The section 409A of the Internal Revenue Code controls the nonqualified deferred compensation paid by the service recipient to the service provider.
Section 409A is a part of the Internal Revenue Code (IRC), called IRC 409A. This section was first added in October 2004 by the American Jobs Creation Act. It was on the 10th of April 2007 when the IRS issued the final regulations that fell under the IRC section 409A.
The section 409A of the Internal Revenue Code controls the nonqualified deferred compensation paid by the service recipient to the service provider. In most cases this is in the form of stock options and shares in the company to employees.
The service providers can be the board members, independent contractors, general employees, executives, or a company that offers the services. On the other hand, the service recipients are normally the employees or even independent contractors who have given services to the company. In short, all the non-qualified deferred compensation have to comply with section 409A. The rules mainly focus on the timing of the distributions and deferrals.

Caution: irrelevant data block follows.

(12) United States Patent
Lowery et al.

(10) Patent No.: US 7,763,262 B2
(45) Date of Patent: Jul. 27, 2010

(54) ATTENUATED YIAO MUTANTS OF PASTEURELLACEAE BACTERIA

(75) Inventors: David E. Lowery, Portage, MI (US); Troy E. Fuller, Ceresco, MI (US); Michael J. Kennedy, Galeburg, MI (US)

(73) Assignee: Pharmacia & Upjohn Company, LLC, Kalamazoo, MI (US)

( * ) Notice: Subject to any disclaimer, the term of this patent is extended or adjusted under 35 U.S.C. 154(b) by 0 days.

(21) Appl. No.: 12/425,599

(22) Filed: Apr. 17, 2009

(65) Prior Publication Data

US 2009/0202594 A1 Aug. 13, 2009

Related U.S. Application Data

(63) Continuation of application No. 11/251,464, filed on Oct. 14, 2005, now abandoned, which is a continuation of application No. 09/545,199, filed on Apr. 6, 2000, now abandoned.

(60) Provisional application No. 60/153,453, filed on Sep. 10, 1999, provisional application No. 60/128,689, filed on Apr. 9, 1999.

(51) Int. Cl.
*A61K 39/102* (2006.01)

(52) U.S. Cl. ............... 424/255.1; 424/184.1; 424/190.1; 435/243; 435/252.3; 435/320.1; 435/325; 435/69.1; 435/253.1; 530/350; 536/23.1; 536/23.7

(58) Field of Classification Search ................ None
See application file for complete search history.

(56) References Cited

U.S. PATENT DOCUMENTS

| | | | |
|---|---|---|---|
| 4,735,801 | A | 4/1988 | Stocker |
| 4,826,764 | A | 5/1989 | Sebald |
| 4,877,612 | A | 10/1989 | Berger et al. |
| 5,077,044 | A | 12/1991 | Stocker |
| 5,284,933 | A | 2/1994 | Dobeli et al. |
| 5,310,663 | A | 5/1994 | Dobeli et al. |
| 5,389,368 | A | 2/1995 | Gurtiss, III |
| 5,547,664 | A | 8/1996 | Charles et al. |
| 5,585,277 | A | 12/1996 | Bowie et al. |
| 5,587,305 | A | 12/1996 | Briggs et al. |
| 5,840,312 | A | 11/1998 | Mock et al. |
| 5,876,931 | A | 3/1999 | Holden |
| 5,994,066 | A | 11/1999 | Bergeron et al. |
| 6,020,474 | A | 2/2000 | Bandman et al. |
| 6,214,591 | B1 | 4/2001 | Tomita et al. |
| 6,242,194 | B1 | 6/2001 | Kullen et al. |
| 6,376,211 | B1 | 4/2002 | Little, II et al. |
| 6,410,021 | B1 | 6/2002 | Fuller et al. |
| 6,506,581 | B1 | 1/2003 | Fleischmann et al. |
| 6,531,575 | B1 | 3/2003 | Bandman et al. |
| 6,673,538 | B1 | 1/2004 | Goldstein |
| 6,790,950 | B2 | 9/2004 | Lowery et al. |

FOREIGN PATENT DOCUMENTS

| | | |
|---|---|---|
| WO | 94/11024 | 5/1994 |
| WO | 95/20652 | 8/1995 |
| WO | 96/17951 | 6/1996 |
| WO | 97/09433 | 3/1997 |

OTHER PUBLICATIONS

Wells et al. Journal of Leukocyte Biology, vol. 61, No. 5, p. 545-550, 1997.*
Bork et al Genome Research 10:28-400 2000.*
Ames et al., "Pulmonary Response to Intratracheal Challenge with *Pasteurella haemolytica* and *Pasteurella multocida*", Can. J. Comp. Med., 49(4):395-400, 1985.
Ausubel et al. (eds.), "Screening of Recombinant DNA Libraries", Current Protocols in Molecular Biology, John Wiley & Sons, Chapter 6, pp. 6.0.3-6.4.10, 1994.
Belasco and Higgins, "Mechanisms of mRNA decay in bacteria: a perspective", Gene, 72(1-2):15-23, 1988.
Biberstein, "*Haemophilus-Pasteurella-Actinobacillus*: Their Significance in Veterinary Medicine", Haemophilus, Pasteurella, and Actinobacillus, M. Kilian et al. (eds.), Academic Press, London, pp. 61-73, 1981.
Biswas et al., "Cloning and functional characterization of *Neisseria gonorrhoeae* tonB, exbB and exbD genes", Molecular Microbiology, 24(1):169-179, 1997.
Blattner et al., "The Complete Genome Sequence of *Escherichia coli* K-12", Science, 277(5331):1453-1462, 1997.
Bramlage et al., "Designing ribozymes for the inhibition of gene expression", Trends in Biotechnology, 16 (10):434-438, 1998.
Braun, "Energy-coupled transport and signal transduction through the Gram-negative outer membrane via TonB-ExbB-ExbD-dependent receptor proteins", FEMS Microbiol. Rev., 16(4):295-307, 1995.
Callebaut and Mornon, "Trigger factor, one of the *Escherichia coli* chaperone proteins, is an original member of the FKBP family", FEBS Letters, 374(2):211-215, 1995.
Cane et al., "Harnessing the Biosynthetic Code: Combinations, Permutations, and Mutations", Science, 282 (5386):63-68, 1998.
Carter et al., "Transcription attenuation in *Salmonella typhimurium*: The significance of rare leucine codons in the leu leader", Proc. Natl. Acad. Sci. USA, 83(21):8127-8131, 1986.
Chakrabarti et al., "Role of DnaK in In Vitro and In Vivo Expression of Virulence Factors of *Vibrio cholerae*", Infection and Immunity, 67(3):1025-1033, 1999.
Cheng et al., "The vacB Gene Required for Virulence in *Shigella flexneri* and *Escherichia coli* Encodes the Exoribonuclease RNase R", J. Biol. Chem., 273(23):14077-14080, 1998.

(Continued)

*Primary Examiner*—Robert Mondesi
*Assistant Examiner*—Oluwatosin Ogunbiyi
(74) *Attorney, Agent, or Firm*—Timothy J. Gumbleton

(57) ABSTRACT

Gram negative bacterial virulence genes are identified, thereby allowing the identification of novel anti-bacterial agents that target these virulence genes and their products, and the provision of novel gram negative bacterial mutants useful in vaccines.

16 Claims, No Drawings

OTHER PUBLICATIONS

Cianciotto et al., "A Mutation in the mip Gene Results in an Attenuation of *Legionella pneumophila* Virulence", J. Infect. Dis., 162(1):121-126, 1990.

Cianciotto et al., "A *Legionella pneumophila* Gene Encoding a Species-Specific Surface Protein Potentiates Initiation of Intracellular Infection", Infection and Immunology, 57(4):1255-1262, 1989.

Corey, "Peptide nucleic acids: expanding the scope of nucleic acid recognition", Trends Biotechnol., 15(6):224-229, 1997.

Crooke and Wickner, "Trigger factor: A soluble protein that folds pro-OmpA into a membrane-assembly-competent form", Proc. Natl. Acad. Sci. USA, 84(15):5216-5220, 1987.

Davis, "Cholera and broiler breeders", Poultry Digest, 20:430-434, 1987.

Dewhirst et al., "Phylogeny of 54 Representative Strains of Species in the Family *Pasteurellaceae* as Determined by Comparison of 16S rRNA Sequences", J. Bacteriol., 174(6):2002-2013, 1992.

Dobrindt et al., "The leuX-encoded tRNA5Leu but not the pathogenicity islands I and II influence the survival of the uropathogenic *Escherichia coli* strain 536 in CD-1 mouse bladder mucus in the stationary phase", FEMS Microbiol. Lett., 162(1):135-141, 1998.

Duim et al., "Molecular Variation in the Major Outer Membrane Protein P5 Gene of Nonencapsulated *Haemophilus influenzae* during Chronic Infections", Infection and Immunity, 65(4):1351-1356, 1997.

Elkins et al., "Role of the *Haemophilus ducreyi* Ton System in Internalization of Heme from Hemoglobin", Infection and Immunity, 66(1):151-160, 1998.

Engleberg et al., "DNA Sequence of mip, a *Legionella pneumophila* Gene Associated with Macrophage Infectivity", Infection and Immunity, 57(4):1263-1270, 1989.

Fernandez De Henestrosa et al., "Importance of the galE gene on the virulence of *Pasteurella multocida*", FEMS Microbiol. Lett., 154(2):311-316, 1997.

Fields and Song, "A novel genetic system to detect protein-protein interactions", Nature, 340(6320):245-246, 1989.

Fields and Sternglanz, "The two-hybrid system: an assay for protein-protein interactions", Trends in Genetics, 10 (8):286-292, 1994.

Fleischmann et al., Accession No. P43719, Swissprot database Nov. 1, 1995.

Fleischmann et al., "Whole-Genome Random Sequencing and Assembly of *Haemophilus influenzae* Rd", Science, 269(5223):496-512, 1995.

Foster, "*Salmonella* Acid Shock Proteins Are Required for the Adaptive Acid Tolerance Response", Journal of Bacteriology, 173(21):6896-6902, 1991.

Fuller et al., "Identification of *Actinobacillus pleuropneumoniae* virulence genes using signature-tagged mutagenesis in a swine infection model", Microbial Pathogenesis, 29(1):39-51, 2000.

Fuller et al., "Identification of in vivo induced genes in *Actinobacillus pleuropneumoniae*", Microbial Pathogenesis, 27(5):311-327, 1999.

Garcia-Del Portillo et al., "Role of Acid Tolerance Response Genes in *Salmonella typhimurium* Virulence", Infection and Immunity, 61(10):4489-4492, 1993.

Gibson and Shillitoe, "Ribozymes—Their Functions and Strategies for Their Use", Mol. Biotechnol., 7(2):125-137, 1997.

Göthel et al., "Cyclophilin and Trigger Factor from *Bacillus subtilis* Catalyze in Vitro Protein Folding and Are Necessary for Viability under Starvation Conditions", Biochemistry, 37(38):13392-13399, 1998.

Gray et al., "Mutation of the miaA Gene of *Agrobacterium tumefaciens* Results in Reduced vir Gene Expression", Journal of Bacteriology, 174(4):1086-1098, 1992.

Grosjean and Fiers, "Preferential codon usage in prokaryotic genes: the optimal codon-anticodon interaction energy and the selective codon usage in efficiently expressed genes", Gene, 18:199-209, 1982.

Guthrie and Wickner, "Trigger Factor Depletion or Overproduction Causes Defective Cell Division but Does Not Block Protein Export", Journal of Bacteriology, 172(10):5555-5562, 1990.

Section 409A is applied only when there is any “deferral of compensation” that takes place. This is when an employee has the legal right to compensation in a taxable year that can be paid or is payable in the next or close to the future taxable year. There are many exceptions including qualified plans like 401k plans, pension, welfare benefits like disability pay, sick leave, vacation leave,or death benefit plan.
Also as per the section, if any rule is violated, then a 20% exercise tax is imposed. Not following the operational or design rules of the compensation plan are a violation in this case.
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